Cooking with Alison’s Grandma (Part 4 of 4)
‘Joong’ or Chinese rice dumplings have also been called Chinese tamales. My grandma makes the best joong in the world. I can’t eat other peoples’ or restaurants’ joong, because nothing comes close to grandma’s joong. So I was very happy when she agreed to teach me how to make them. It takes a lot of work and the preparation starts days in advance, but her recipe makes 32 and they can be frozen for future meals.
Joong (Chinese Rice Dumpling) Recipe
makes 32; adapted from Alison’s grandma
5 pounds long grain glutinous rice (‘lo mai fan’)
3 to 4 dried bamboo leaves per joong, so at least 96 total
32 uncooked salted duck/chicken eggs, yolks only (see recipe here)
32 pieces of boneless pork belly with the rind on, approximately 1 1/2 pounds, cut into 1/3 inch thick slices which are then cut into 3/4 inch wide pieces (Note: In Chinese, this cut of meat is called ‘five flower meat’ because it should contain 3 layers of fat and 2 layers of meat.)
8 Chinese sausages (lap cheong), cut in half lengthwise and then cut in half crosswise, yielding 32 pieces total
1 1/2 pounds of shelled and peeled raw peanuts
1/2 pound Chinese dried shrimp
coarse Kosher sea salt
Four days ahead of time, wash the bamboo leaves under cool running water and then boil them until the colour of the leaves turns very green. Then soak the leaves in water at room temperature for 4 days. Replace the soaking water with fresh water once a day. On the day of assembly, use a cloth or paper towel to wipe the leaves clean.
Three days ahead of time, massage a few pinches of salt into the pieces of pork belly. Keep the salted pork belly in the refrigerator, covered, until the day of assembly.
On the day of assembly: Place the rice in a very large rice cooker with enough water to reach a level of 1/2 inch above the rice. Soak the rice for 2 hours and then cook it until soft using the rice cooker. Meanwhile, wash the dried shrimp under cool running water and then soak it in luke warm water for 1 hour. Wash the peanuts and soak them in luke warm water in a separate bowl for 1 hour. Heat a wok over high heat. Add a few light drizzles of vegetable oil to the wok and then stir fry the drained peanuts with a pinch of salt until heated through. Dish out and set aside. Add more vegetable oil to the wok if necessary and then stir fry the dried shrimp until it starts to crisp up. Dish out and set aside. Once the rice is finished cooking, dump it out into a large heatproof container and toss in 1 tablespoon of salt. Set aside to cool slightly. Meanwhile, rinse the salted pork belly pieces well under cool running water. Drain, dry off with a paper towel, and then set aside.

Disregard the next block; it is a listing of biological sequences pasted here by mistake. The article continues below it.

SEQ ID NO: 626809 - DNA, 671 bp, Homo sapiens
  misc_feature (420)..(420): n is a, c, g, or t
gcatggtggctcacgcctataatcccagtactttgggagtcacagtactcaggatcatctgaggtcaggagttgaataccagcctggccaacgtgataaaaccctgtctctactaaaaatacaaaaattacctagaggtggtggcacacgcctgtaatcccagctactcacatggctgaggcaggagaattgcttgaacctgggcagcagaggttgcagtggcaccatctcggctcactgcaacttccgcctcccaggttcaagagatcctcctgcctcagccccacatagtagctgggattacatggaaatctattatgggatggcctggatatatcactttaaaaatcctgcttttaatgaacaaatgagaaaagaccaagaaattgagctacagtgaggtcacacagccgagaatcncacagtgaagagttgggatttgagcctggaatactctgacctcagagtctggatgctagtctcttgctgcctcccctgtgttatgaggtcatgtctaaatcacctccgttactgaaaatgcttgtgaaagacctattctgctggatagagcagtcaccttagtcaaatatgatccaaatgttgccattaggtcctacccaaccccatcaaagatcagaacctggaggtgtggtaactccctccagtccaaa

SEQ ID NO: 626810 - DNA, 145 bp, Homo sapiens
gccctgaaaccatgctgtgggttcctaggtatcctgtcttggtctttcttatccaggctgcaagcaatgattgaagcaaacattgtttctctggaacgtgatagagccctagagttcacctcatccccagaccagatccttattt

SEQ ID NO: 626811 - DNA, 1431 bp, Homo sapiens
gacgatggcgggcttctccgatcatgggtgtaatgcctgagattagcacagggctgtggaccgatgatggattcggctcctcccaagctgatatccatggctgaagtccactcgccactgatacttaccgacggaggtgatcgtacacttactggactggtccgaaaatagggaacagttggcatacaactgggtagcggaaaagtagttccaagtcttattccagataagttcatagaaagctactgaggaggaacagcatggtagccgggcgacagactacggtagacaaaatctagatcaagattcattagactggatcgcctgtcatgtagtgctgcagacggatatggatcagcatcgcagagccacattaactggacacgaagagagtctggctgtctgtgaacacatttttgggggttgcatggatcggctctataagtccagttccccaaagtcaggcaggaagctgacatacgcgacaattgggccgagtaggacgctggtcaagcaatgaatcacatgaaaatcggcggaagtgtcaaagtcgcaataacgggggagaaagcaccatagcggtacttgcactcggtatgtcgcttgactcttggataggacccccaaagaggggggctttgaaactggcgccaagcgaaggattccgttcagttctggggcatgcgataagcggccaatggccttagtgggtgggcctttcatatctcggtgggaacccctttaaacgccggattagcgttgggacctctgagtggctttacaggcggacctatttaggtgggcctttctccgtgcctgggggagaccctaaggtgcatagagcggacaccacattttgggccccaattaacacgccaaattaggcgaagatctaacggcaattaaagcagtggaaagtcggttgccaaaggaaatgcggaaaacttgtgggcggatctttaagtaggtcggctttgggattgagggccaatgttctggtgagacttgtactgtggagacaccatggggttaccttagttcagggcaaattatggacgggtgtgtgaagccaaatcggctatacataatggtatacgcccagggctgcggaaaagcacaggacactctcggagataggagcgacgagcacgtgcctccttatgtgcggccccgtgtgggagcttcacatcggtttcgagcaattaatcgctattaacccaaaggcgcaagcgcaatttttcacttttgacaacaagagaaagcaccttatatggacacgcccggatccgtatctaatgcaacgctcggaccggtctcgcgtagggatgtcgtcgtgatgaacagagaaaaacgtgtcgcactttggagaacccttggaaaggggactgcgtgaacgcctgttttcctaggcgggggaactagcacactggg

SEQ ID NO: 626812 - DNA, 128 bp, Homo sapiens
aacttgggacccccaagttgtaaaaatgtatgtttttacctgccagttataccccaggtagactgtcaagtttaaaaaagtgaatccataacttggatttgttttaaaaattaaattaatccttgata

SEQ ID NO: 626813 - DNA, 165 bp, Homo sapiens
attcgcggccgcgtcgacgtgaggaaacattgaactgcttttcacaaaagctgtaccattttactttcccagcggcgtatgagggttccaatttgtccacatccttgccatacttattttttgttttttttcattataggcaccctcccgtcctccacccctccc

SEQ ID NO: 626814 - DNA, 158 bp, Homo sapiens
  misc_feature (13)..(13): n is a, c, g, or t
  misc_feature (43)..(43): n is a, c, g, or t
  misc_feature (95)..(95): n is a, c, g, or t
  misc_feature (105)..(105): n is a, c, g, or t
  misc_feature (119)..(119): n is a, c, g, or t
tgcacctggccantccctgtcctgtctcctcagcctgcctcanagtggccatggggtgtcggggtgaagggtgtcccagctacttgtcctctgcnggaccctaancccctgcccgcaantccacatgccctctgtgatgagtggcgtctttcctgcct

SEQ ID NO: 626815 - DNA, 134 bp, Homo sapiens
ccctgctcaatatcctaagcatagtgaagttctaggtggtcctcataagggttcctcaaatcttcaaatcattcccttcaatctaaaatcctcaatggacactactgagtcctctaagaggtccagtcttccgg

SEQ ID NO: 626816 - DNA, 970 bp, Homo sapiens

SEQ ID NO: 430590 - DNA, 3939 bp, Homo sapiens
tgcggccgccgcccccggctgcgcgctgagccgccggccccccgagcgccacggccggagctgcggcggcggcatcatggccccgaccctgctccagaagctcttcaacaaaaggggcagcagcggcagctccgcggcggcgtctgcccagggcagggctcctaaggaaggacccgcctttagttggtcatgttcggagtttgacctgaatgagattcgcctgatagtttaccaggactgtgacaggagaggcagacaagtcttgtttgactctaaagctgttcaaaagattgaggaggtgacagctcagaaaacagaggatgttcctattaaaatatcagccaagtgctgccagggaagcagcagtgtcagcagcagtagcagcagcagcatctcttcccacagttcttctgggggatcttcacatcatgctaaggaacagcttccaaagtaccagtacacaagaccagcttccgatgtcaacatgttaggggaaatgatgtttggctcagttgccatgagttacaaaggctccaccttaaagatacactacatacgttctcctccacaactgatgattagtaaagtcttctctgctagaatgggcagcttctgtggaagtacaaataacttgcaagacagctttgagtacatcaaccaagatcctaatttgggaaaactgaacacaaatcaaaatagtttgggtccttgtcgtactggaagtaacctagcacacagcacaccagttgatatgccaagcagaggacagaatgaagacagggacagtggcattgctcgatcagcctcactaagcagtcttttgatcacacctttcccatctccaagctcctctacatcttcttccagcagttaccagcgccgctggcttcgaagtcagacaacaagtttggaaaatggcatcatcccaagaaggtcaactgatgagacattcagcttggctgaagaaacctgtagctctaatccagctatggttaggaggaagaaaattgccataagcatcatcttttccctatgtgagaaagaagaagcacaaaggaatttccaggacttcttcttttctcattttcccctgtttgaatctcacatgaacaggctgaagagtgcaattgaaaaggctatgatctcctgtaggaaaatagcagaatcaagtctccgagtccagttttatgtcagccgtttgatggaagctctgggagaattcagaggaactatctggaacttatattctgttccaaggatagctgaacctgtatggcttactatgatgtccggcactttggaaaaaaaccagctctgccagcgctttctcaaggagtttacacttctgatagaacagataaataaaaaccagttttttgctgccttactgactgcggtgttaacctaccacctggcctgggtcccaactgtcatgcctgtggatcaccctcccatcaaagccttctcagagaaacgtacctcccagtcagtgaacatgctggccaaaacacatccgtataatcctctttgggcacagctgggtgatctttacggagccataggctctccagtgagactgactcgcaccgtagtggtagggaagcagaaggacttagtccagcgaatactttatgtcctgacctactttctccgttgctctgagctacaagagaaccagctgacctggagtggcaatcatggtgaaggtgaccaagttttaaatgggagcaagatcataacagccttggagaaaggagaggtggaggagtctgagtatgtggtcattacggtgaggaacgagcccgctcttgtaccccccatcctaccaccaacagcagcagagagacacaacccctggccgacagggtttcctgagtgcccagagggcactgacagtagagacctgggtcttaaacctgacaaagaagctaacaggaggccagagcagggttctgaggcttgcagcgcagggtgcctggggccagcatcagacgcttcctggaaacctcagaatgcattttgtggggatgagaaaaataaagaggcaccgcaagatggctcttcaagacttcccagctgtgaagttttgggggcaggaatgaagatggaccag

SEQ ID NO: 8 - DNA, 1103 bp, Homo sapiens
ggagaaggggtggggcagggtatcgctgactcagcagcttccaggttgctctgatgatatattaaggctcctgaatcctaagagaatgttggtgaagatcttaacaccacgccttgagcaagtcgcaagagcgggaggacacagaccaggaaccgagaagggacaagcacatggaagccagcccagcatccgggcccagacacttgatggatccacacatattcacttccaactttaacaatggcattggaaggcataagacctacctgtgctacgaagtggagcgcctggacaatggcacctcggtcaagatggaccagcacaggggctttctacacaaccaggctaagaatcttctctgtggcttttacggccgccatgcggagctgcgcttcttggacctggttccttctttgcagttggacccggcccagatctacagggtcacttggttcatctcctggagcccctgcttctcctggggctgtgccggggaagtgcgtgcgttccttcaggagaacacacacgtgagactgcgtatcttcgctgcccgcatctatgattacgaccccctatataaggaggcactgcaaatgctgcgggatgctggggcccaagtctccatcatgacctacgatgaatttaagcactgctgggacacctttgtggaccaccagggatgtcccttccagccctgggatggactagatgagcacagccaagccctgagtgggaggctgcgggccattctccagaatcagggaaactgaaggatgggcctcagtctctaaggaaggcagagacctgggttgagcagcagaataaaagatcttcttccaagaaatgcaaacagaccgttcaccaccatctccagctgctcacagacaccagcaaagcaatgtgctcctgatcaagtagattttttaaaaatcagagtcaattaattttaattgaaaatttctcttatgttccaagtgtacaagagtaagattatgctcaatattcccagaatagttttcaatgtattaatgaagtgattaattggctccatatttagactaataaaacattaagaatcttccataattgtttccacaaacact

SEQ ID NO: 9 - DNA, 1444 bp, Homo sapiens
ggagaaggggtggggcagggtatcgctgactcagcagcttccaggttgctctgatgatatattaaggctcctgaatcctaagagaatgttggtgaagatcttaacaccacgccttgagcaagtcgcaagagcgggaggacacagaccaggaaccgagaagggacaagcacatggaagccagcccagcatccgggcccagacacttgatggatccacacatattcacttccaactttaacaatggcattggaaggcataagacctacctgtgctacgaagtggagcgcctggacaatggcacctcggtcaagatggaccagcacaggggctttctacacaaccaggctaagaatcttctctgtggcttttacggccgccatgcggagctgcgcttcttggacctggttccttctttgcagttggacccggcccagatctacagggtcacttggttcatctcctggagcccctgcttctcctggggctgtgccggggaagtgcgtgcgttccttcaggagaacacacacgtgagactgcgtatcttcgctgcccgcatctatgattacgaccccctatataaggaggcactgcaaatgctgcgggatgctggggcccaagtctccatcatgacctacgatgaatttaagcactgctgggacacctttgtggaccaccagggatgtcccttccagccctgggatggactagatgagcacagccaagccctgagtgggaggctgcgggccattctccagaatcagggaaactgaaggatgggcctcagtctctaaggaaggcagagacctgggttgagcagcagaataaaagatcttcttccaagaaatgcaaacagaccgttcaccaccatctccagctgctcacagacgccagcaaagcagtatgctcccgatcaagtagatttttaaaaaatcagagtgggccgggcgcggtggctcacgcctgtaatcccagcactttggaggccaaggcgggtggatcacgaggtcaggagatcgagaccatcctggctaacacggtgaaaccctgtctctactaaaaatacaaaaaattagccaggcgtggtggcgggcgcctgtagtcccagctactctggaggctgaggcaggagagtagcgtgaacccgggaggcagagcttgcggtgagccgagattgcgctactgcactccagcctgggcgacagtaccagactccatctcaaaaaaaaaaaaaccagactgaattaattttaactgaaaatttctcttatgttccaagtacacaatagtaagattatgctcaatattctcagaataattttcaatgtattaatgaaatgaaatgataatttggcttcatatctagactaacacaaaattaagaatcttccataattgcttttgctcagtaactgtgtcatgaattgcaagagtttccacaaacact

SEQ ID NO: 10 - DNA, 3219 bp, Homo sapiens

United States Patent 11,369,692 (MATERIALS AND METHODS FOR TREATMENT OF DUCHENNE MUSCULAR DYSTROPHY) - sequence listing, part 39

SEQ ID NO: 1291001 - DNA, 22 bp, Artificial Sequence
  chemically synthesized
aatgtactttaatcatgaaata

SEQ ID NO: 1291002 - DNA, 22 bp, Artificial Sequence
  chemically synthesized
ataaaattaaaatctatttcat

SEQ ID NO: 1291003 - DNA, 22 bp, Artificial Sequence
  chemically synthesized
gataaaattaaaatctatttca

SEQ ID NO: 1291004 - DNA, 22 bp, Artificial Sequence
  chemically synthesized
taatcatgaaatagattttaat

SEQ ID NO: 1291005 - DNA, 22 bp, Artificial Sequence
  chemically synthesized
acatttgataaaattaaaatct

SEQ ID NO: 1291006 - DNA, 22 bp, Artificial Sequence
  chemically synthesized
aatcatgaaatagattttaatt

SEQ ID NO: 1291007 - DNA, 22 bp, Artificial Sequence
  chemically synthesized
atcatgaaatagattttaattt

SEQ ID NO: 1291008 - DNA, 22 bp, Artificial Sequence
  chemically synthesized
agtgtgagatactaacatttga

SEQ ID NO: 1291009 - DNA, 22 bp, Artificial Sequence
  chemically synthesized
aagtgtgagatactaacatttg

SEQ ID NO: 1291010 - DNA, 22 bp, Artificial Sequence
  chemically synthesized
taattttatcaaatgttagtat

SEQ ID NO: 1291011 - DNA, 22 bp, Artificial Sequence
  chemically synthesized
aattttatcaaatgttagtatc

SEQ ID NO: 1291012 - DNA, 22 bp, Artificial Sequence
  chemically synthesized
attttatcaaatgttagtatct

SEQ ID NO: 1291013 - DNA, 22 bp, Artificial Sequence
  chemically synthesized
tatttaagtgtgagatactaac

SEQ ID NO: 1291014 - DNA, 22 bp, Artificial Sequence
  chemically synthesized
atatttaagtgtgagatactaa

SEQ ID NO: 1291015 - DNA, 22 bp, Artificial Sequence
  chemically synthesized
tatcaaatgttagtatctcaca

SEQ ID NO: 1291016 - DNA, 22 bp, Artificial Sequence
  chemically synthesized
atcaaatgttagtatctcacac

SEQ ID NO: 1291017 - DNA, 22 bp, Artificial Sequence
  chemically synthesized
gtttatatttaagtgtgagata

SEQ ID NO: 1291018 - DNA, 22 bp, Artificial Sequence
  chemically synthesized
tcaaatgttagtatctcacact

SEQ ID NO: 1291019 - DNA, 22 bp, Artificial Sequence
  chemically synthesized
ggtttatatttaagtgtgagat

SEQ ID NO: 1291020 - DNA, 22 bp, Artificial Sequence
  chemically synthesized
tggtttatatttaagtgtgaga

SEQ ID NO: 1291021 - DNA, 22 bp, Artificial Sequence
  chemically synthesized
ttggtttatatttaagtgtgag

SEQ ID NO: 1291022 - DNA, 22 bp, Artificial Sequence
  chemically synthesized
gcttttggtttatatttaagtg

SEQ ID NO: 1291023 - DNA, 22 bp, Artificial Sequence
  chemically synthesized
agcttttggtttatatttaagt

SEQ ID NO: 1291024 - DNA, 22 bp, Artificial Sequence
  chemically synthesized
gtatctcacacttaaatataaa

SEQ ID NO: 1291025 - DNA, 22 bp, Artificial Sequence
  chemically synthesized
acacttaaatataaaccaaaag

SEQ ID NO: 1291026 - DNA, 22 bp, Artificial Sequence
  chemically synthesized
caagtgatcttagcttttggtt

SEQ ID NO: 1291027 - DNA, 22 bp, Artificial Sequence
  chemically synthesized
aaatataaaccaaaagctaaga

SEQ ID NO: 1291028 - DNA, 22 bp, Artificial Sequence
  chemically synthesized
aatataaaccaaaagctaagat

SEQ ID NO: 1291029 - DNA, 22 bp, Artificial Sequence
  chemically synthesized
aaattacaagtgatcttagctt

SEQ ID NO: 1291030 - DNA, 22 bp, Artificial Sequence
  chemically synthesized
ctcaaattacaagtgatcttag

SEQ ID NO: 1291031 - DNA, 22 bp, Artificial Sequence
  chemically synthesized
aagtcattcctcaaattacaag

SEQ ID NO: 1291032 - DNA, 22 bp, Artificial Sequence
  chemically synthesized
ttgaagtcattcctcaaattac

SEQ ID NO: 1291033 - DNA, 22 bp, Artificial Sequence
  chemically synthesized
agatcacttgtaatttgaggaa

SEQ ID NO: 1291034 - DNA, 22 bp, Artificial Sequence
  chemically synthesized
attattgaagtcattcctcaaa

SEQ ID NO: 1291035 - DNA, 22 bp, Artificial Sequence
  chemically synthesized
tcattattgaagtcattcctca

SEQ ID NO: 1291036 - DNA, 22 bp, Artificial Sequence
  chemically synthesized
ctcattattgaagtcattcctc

To assemble and wrap the joong, see the video here where my grandma demonstrates how to fill and wrap a joong. Note that you will need kitchen twine.
To cook the joong, place them in a very large stock pot and fill the pot with water so that the joong are at least almost completely covered by the water. You may need to do this in batches if you do not have a pot that is large enough to hold all 32 of the joong. Then bring the water to a rolling boil. Reduce the heat to maintain a gentle boil for four hours, covered. Remove from the hot water and enjoy immediately. You could serve this with soy sauce and/or hot sauce on the side. Once the cooked joong has cooled completely, these may be frozen. Simply defrost completely and then reheat by steaming (see here for How to Steam Cook Food) or by boiling.